Review: Body of Lies (2008) R 128min
October 12th, 2008 by Maxim · 5 Comments · 8,498 Views
This spy/action flick is directed by Ridley Scott (American Gangster (2007), Num3rs, The Assassination of Jesse James by the Coward Robert Ford (2007), Kingdom of Heaven (2005), Matchstick Men (2003), Black Hawk Down (2001)). It’s based on Washington Post columnist David Ignatius’s 2007 novel “Body of Lies”.
The plot: CIA operative, Roger Ferris (Leonardo DiCaprio), who, despite his young age, quickly advanced through CIA’s ranks, uncovers a lead on a major terrorist leader Al-Saleem (Alon Aboutboul), who had been bombing random civilian targets in Europe and was suspected to be operating out of Oman, Jordan. Ferris devises a plan to infiltrate Al-Saleem’s terrorist network. His boss Ed Hoffman (Russell Crowe) in CIA headquarters in Langley provides him with advise and support – technological, military and mental. He also gets help from Chief of Intelligence of Jordan, Hani Salaam (Mark Strong).
The good: Certainly interesting and intelligent plot – a real spy game with deceit and tretury, although it’s not hard to follow. Each of the sides seems to make plausible and believable case for their actions. There’s a lot of suspense in the movie for many reasons. First, spies can’t trust each other. DiCaprio’s character doesn’t trust his own boss, doesn’t trust his Jordanian colleague and vice versa. Secondly, terrorists have their own counter-intelligence. Besides, they are so paranoid they don’t trust anyone, which doesn’t make infiltrating their network. Then, there are all these great action sequences, with their simplicity and unpredictability making them very realistic, and the suspense and thrill are about the outcome of a chase/gun battle. DiCaprio is still very young. He tries to appear more mature by growing a ridiculous beard, but it’s easy to tell he’s a kid. His acting has been improving with every movie though. In “Body of Lies” he started rather unevenly, but it became more dramatic and believable through the rest of the movie. Russel Crowe, who worked with Ridley Scott on Gladiator and A Good Year, gained a lot of weight to play a CIA bureaucrat, who’s very charismatic and who plays with people lives like a kid would play a video-game, sending orders from his office, his home, even his daughter’s football game. Well, he’s the head of the mission, but he doesn’t care about people much – everybody for him is either an expendable asset or a liability – the goal justifies the means. Once an agent or an asset is no longer useful – they are on their own. I also liked that the movie showed how inter-connected all countries in the Middle-East are, and how complex that part of the world is with all the different ethnicities living there, how different people are affected by the Iraq war and how U.S. foreign policy plays the major role there. It was fascinating to watch how his methods compared to the methods of the Jordanian intelligence. It was also interesting and ironic to see how the CIA operative gets caught n the web of lies he and others have weaved. It also raises the question about the human cost of “freedom”.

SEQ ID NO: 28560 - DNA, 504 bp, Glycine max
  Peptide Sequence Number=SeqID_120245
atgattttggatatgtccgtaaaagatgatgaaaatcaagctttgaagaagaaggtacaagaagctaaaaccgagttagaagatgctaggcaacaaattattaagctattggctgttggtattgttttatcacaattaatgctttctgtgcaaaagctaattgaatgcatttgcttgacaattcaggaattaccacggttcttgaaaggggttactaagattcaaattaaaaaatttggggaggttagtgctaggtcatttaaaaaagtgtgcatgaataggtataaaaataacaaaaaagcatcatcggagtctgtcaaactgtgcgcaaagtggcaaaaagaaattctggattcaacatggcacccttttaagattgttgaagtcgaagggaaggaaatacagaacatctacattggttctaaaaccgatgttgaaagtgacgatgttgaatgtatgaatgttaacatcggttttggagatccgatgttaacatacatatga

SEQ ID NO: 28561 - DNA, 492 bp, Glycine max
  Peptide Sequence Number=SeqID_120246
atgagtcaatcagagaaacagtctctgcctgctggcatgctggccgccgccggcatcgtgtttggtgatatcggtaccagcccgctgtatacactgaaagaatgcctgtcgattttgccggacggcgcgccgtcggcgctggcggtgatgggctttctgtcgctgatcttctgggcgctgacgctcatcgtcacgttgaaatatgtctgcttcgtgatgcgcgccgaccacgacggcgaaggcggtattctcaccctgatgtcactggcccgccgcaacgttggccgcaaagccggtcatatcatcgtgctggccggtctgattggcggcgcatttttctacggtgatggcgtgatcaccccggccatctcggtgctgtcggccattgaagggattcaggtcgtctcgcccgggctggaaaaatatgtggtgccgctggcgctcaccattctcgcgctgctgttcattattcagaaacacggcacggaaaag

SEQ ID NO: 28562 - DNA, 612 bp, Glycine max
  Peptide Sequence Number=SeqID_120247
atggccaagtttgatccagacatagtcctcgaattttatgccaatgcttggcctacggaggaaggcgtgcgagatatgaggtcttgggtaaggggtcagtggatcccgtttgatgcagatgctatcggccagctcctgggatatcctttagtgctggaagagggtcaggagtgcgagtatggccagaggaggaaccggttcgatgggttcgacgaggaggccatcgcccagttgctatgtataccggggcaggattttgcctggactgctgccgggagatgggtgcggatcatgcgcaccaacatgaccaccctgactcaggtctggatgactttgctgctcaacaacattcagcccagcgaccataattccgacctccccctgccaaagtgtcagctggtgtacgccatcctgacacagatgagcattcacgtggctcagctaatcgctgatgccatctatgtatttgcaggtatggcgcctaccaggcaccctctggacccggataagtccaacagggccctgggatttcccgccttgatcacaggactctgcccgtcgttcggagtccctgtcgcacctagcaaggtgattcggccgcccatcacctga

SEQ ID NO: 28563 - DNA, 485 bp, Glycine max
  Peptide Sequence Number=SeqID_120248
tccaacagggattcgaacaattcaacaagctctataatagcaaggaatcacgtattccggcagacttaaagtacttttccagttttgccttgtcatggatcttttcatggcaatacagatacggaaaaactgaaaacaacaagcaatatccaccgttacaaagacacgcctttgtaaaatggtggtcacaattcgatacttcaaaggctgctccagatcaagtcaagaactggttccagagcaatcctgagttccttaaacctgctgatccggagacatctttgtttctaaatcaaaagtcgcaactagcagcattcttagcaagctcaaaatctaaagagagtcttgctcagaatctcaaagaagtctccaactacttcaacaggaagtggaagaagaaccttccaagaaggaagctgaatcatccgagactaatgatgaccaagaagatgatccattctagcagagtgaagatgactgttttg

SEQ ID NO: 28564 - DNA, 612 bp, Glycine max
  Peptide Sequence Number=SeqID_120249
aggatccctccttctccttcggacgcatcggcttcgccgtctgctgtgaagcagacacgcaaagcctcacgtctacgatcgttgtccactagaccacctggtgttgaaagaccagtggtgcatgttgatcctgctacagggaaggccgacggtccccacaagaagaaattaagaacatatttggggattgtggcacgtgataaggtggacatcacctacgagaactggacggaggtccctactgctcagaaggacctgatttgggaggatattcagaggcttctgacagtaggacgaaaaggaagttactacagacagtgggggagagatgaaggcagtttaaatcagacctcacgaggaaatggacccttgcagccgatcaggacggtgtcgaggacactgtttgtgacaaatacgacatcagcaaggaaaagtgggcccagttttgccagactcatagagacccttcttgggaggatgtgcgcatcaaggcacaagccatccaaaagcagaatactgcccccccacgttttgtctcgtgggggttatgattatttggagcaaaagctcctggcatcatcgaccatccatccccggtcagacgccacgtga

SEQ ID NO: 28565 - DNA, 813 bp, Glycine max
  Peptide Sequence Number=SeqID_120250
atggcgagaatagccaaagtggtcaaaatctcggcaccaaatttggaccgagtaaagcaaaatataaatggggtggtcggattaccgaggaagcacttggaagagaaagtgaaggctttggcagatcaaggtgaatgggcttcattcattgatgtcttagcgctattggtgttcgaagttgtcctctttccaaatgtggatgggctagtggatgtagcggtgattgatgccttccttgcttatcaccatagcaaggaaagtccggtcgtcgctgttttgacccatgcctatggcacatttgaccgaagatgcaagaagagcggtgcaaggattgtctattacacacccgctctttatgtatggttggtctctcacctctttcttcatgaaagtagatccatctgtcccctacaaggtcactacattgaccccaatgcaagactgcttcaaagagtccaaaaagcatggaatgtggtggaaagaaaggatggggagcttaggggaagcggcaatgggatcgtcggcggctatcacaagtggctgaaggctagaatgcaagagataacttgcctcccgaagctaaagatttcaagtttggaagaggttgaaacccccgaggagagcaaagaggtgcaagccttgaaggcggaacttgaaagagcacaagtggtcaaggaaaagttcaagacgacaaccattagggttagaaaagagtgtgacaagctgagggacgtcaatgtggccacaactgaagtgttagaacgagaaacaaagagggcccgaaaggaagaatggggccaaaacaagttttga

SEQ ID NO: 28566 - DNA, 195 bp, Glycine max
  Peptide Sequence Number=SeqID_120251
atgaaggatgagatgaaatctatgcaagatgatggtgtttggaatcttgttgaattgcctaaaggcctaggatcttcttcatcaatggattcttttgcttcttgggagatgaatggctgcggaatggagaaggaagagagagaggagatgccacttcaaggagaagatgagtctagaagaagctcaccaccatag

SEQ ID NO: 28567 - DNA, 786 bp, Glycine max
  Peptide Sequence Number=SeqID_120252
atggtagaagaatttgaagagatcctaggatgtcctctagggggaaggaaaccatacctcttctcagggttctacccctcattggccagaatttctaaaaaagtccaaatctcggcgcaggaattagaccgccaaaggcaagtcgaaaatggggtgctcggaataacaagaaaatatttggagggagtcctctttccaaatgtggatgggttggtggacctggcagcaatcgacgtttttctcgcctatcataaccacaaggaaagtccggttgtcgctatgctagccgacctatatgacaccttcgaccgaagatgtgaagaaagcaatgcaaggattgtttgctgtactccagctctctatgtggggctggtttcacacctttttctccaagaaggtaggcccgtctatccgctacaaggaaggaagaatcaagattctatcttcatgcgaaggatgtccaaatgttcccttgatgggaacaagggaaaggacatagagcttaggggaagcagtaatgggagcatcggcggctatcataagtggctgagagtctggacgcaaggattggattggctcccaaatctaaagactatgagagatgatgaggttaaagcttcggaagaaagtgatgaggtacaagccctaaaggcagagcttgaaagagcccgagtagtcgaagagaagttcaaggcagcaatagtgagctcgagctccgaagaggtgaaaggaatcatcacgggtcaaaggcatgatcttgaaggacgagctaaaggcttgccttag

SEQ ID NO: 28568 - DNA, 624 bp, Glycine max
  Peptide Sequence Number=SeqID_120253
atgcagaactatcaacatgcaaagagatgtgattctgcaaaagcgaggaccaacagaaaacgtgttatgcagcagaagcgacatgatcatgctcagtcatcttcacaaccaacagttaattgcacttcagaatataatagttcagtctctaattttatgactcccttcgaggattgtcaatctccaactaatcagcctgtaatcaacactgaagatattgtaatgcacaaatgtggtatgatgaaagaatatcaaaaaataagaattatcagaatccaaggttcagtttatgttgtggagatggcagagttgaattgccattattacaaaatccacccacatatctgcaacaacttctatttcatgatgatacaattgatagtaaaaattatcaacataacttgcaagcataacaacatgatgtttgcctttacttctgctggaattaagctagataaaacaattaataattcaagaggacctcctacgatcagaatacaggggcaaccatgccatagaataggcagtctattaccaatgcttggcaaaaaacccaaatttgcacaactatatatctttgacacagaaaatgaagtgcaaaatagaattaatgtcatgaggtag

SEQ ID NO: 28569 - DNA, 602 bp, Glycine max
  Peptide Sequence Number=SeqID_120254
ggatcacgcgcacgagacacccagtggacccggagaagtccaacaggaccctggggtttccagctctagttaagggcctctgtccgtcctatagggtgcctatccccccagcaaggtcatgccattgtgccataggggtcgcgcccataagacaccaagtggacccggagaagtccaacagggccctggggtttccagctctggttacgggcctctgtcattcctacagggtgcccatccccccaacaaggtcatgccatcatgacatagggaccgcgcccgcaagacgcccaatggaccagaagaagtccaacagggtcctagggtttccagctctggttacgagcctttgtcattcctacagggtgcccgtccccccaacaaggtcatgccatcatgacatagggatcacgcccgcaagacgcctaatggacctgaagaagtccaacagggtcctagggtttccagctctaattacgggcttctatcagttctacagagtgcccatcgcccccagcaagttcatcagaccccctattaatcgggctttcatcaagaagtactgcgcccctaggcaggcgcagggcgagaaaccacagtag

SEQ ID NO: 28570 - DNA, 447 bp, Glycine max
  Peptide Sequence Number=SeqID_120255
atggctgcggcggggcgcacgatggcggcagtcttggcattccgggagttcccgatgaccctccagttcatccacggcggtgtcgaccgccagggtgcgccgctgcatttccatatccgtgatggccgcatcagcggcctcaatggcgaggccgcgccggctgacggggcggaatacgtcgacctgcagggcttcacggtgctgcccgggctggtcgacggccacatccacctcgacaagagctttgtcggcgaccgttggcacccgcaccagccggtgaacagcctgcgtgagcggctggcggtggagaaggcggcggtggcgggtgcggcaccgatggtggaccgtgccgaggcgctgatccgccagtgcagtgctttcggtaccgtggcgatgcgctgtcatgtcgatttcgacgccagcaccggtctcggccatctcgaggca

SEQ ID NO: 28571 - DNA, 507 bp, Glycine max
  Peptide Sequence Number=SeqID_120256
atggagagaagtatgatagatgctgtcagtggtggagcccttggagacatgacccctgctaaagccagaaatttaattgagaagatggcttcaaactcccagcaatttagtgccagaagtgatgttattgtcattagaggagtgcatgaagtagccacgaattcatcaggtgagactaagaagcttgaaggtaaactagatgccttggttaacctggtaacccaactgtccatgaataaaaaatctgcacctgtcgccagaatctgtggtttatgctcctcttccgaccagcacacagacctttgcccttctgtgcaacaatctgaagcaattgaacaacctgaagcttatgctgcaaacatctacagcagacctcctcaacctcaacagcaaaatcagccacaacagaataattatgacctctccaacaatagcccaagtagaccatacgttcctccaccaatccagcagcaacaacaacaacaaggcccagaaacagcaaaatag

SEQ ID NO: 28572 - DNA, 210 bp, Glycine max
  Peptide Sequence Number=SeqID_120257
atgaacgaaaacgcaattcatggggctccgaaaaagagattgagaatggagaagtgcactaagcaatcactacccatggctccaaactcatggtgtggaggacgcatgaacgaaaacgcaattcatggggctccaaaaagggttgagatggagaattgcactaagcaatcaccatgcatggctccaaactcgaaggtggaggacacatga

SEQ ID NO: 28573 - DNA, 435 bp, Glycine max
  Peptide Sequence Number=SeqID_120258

The bad: the movie is longer then it should have been. At least in the beginning, the CIA agents are cliche. From the start of the movie I could tell DiCaprio would be caught and either beaten or tortured or both. The relationship between Ferris and Iranian nurse Aisha (Golshifteh Farahani) escalated to rapidly and wasn’t explained enough and seems forced – Ferris was cautious all the time but nearly lost his head over a young nurse. The computer hacker character, Garland (Simon McBurney) was absolutely ridiculous – why are best hackers always hiding in the woods or basements (remember Warlock in Live Free or Die Hard?). Mark Strong as Jordanian Chief of Intelligence looked, talked and acted so much like Andy Garcia it was distracting. It was also rather hard to believe that most of this kind of operation could have been entirely controlled by cell-phone conversations. The scenes where both Crowe and DiCaprio appear together have zero chemistry between them.
The summary: a well-made spy action/thriller with Iraq war and American foreign policy as a background, which makes it a socially/politically-conscious drama. Flawed but clever and entertaining.
Ed Hoffman: Nobody’s innocent in this shit.
Hani: You [America] is more vulnerable then us because of your freedom and your free press.
Similar movies: Spy Game, Syriana, Munich, Constant Gardener.
The cast: Roger Ferris - Leonardo DiCaprio | Ed Hoffman - Russell Crowe | Hani – Mark Strong | Aisha - Golshifteh Farahani | Bassam – Oscar Isaac | Omar Sadiki – Ali Suliman | Al-Saleem – Alon Abutbul | Garland – Simon McBurney | Mustafa Karami – Kais Nashif | Aisha’s Sister Cala – Lubna Azabal
The crew: Director – Ridley Scott | Screenplay – William Monahan (Departed) | Producers – Ridley Scott, Charles J.D. Schlissel, Donald De Line, Michael Costigan, Zakaria Alaoui | Original Music – Marc Streitenfeld | Cinematography – Alexander Witt
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